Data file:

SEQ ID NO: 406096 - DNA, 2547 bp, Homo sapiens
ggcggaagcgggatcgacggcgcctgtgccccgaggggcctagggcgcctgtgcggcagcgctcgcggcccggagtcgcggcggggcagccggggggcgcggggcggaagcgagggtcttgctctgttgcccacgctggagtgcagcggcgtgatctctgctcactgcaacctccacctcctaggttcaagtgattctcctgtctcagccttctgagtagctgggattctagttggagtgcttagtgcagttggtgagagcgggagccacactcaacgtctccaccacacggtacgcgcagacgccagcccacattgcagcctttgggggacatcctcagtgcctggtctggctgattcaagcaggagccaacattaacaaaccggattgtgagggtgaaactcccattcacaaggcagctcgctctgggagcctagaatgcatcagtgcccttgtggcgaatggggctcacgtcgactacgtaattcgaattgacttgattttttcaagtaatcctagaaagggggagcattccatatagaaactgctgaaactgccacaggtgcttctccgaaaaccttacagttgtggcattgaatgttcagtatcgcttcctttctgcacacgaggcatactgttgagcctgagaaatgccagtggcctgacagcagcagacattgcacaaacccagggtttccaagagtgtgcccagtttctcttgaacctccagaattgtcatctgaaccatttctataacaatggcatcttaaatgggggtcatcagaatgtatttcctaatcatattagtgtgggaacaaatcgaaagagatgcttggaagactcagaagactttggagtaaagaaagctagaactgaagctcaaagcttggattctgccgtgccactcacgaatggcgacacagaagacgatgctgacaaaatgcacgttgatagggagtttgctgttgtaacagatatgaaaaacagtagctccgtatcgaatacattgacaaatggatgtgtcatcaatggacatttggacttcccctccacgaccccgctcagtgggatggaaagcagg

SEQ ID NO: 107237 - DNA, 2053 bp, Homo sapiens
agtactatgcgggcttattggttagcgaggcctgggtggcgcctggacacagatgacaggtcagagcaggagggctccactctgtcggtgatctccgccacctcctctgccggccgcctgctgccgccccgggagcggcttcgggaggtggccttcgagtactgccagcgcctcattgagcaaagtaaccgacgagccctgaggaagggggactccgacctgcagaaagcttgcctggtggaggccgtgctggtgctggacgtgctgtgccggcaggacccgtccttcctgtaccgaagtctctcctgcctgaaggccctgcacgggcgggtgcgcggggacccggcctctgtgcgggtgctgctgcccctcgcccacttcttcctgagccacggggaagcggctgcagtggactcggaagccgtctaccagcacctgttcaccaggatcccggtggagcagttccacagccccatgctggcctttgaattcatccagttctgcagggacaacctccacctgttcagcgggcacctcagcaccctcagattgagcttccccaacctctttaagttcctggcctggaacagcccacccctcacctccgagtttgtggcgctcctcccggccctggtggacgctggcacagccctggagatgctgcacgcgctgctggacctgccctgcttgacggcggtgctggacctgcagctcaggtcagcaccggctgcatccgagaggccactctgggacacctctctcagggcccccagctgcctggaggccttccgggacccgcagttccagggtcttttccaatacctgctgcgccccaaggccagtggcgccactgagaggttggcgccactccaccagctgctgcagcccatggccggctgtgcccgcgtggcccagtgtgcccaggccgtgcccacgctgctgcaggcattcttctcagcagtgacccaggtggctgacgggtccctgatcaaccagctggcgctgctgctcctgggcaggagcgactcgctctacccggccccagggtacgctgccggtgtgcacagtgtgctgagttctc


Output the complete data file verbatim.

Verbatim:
SEQ ID NO: 406096 - DNA, 2547 bp, Homo sapiens
ggcggaagcgggatcgacggcgcctgtgccccgaggggcctagggcgcctgtgcggcagcgctcgcggcccggagtcgcggcggggcagccggggggcgcggggcggaagcgagggtcttgctctgttgcccacgctggagtgcagcggcgtgatctctgctcactgcaacctccacctcctaggttcaagtgattctcctgtctcagccttctgagtagctgggattctagttggagtgcttagtgcagttggtgagagcgggagccacactcaacgtctccaccacacggtacgcgcagacgccagcccacattgcagcctttgggggacatcctcagtgcctggtctggctgattcaagcaggagccaacattaacaaaccggattgtgagggtgaaactcccattcacaaggcagctcgctctgggagcctagaatgcatcagtgcccttgtggcgaatggggctcacgtcgactacgtaattcgaattgacttgattttttcaagtaatcctagaaagggggagcattccatatagaaactgctgaaactgccacaggtgcttctccgaaaaccttacagttgtggcattgaatgttcagtatcgcttcctttctgcacacgaggcatactgttgagcctgagaaatgccagtggcctgacagcagcagacattgcacaaacccagggtttccaagagtgtgcccagtttctcttgaacctccagaattgtcatctgaaccatttctataacaatggcatcttaaatgggggtcatcagaatgtatttcctaatcatattagtgtgggaacaaatcgaaagagatgcttggaagactcagaagactttggagtaaagaaagctagaactgaagctcaaagcttggattctgccgtgccactcacgaatggcgacacagaagacgatgctgacaaaatgcacgttgatagggagtttgctgttgtaacagatatgaaaaacagtagctccgtatcgaatacattgacaaatggatgtgtcatcaatggacatttggacttcccctccacgaccccgctcagtgggatggaaagcagg

SEQ ID NO: 107237 - DNA, 2053 bp, Homo sapiens
agtactatgcgggcttattggttagcgaggcctgggtggcgcctggacacagatgacaggtcagagcaggagggctccactctgtcggtgatctccgccacctcctctgccggccgcctgctgccgccccgggagcggcttcgggaggtggccttcgagtactgccagcgcctcattgagcaaagtaaccgacgagccctgaggaagggggactccgacctgcagaaagcttgcctggtggaggccgtgctggtgctggacgtgctgtgccggcaggacccgtccttcctgtaccgaagtctctcctgcctgaaggccctgcacgggcgggtgcgcggggacccggcctctgtgcgggtgctgctgcccctcgcccacttcttcctgagccacggggaagcggctgcagtggactcggaagccgtctaccagcacctgttcaccaggatcccggtggagcagttccacagccccatgctggcctttgaattcatccagttctgcagggacaacctccacctgttcagcgggcacctcagcaccctcagattgagcttccccaacctctttaagttcctggcctggaacagcccacccctcacctccgagtttgtggcgctcctcccggccctggtggacgctggcacagccctggagatgctgcacgcgctgctggacctgccctgcttgacggcggtgctggacctgcagctcaggtcagcaccggctgcatccgagaggccactctgggacacctctctcagggcccccagctgcctggaggccttccgggacccgcagttccagggtcttttccaatacctgctgcgccccaaggccagtggcgccactgagaggttggcgccactccaccagctgctgcagcccatggccggctgtgcccgcgtggcccagtgtgcccaggccgtgcccacgctgctgcaggcattcttctcagcagtgacccaggtggctgacgggtccctgatcaaccagctggcgctgctgctcctgggcaggagcgactcgctctacccggccccagggtacgctgccggtgtgcacagtgtgctgagttctc